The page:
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SCIENCE CHINA Physics, Mechanics & Astronomy, Volume 63, Issue 3: 237811(2020) https://doi.org/10.1007/s11433-019-1444-6

Spatial confinement tuning of quenched disorder effects and enhanced magnetoresistance in manganite nanowires

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  • ReceivedJul 19, 2019
  • AcceptedSep 11, 2019
  • PublishedOct 23, 2019
PACS numbers

Abstract

Complex oxides have rich functionalities and advantages for future technologies. In many systems, quenched disorder often holds the key to determine their physical properties, and these properties can be further tuned by chemical doping. However, understanding the role of quenched disorder is complicated because chemical doping simultaneously alters other physical variables such as local lattice distortions and electronic and magnetic environments. Here, we show that spatial confinement is an effective approach to tuning the level of quenched disorder in a complex-oxide system while leaving other physical variables largely undisturbed. Through the confinement of a manganite system down to quasi-one-dimensional nanowires, we observed that the nature of its metal-insulator phase transition exhibits a crossover from a discontinuous to a continuous characteristic, in close accordance with quenched disorder theories. We argue that the quenched disorder, finite size, and surface effects all contribute to our experimental observations. Noticeably, with reduced nanowire width, the magnetoresistance shows substantial enhancement at low temperatures. Our findings offer new insight into experimentally tuning the quenched disorder effect to achieve novel functionalities at reduced dimensions.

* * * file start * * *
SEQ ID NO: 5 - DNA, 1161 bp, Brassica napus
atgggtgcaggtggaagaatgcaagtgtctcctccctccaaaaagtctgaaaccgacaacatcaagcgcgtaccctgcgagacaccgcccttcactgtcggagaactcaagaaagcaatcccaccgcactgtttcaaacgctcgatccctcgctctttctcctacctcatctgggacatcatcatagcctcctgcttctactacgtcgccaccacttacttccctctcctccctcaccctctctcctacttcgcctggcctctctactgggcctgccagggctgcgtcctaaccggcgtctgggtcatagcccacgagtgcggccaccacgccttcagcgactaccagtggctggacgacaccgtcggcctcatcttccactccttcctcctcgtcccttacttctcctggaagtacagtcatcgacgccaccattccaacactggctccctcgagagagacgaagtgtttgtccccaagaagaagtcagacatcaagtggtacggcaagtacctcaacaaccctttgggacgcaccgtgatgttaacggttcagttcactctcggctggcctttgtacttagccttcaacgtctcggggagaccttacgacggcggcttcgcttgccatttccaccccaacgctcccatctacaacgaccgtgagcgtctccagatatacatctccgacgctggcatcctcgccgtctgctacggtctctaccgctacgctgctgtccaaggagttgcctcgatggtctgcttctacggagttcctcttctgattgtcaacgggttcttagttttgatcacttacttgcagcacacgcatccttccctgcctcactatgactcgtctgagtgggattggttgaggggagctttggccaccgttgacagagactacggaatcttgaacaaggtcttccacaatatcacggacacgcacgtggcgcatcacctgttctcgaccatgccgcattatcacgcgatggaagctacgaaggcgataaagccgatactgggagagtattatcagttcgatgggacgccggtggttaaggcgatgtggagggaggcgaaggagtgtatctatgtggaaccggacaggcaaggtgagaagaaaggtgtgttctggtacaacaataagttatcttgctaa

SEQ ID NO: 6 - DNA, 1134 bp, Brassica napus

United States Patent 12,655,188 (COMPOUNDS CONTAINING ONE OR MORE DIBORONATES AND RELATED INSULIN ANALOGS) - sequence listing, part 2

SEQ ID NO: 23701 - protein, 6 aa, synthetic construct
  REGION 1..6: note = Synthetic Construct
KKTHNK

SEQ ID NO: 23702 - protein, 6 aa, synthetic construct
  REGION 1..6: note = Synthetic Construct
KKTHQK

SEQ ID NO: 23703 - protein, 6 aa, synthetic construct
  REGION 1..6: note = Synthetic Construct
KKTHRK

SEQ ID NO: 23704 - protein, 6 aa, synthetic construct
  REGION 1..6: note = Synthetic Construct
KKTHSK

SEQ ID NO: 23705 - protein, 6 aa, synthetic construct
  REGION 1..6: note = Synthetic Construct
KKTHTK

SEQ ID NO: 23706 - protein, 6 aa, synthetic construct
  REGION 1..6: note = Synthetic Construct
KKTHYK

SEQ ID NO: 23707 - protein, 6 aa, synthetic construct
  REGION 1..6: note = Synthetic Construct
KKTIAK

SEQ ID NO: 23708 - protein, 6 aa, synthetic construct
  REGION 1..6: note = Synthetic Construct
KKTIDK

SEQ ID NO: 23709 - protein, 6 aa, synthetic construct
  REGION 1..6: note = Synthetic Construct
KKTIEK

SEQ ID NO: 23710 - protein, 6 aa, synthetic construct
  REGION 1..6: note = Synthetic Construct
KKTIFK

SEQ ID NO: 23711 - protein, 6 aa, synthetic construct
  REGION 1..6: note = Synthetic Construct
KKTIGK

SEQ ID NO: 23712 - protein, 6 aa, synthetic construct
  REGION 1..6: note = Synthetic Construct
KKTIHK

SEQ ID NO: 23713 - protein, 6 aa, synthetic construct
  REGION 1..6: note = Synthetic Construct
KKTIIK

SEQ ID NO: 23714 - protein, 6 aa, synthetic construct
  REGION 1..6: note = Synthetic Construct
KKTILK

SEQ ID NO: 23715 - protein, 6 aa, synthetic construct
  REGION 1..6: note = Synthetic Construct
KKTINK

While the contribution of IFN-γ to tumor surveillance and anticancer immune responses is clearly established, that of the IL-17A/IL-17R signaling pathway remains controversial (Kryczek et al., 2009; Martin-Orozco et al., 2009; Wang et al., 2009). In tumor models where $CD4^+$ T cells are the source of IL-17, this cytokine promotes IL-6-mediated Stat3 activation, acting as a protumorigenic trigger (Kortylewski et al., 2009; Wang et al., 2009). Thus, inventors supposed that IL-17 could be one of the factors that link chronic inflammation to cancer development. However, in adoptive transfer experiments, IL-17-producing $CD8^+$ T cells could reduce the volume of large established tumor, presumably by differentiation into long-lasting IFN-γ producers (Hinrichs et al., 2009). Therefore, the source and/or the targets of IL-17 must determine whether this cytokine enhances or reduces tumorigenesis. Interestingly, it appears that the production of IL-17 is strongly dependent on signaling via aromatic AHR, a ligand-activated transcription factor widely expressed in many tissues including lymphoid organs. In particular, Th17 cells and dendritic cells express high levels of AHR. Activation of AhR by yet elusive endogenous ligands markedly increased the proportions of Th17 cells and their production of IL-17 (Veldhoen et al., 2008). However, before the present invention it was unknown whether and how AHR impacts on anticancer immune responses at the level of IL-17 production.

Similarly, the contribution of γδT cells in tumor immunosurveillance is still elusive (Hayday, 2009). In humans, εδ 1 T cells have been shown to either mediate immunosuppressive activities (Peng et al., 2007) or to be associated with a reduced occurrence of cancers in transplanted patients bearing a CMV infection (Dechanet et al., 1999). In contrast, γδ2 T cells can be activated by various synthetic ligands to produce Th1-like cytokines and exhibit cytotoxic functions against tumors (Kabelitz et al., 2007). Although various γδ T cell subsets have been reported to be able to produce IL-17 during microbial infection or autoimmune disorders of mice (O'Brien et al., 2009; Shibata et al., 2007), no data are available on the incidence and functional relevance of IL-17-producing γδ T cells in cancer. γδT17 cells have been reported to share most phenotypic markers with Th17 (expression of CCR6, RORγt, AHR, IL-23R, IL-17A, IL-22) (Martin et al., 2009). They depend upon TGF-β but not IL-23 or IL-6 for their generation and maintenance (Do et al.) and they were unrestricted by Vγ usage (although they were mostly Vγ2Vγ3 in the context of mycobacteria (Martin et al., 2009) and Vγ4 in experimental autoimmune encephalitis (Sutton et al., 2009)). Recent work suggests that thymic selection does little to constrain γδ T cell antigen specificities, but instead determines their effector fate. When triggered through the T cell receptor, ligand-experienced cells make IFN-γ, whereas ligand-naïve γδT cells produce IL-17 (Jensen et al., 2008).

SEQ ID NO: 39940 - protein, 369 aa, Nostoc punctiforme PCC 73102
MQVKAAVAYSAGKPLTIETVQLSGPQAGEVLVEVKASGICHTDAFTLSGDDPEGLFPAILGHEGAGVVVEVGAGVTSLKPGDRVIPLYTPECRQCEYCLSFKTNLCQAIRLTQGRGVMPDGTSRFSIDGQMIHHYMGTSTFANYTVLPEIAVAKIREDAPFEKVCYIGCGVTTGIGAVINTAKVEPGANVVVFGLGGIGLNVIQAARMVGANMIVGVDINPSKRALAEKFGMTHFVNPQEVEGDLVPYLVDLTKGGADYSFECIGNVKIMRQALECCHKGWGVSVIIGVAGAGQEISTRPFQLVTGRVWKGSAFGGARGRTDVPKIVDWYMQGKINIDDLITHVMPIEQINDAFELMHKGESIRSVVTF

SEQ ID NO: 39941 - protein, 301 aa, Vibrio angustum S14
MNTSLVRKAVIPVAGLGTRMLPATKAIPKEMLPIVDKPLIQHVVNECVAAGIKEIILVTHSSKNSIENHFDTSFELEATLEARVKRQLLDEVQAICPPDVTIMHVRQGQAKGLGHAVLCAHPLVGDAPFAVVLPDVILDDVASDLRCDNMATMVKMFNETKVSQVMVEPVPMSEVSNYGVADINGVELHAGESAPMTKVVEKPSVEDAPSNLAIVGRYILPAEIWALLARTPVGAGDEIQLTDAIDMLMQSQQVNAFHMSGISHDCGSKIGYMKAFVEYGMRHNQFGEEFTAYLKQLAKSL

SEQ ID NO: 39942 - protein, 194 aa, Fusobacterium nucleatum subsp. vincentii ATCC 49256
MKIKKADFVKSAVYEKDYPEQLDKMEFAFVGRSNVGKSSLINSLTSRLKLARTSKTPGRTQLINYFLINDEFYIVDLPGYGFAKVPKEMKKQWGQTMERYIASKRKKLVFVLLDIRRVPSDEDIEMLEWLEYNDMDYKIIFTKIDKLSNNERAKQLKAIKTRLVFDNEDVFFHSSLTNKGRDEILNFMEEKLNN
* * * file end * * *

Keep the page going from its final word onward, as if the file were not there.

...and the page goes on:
Funded by

the National Key Research and Development Program of China(Grant,No.,2016YFA0300702)

the Shanghai Municipal Natural Science Foundation(Grant,Nos.,18JC1411400,18ZR1403200,17ZR1442600)

the Program of Shanghai Academic Research Leader(Grant,Nos.,18XD1400600,17XD1400400)

and the China Postdoctoral Science Foundation(Grant,Nos.,2016M601488,2017T100265)


Acknowledgment

This work was supported by the National Key Research and Development Program of China (Grant No. 2016YFA0300702), the Shanghai Municipal Natural Science Foundation (Grant Nos. 19ZR1402800, 18JC1411400, 18ZR1403200, and 17ZR1442600), the Program of Shanghai Academic Research Leader (Grant Nos. 18XD1400600, and 17XD1400400), and the China Postdoctoral Science Foundation (Grant Nos. 2016M601488, and 2017T100265). We are grateful for theoretical discussion from Shuai Dong and Jun Chen.


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  • Figure 1

    Morphology of LPCMO nanowires. (a)-(h) SEM images of nanowires ranging from 5 μm to 50 nm in width.

  • Figure 2

    (Color online) Resistivity vs. temperature measurements of LPCMO nanowires. (a)-(h) The resistivity vs. temperature curves under cooling and warming. Black, red, green, blue, purple, and orange correspond to the different external magnetic fields applied, and being 0, 1, 2, 3, 5, and 9 T, respectively. (i) The resistivity of the 400 nm nanowire under cooling and warming conditions in a 2 T magnetic field exhibiting clear thermal hysteresis and resistivity jump behaviors. (j) The resistivity of the 50 nm nanowire under cooling and warming conditions in at 5 T magnetic field. No thermal hysteresis and resistivity jumps are observed. Blue and red in (i) and (j) correspond to cooling and warming processes, respectively.

  • Figure 3

    (Color online) Resistivity vs. external magnetic field behavior at different temperatures. (a)-(d) correspond to temperatures of 160, 110, 60, and 10 K. Black, red, blue, green, and purple correspond to different widths of nanowires, corresponding to 400, 300, 200, 100, and 50 nm, respectively.

  • Figure 4

    (Color online) Force microscopy measurements of selected nanowires under increasing magnetic field. (a) AFM image of the morphology of the selected nanowires (left to right: width=1 μm, 500 nm, 200 nm, and 100 nm). (b)-(h) MFM images of the four wires of differing widths in different applied magnetic fields. Red color refers to the FMM phase and blue color refers to the nonmagnetic phase.

  • Figure 5

    (Color online) Temperature-dependent magnetoresistance of differing-width nanowires. MR is defined as MR=(R0RH)/RH, where RH was measured at 9 T, compared with R0, measured at zero magnetic field.

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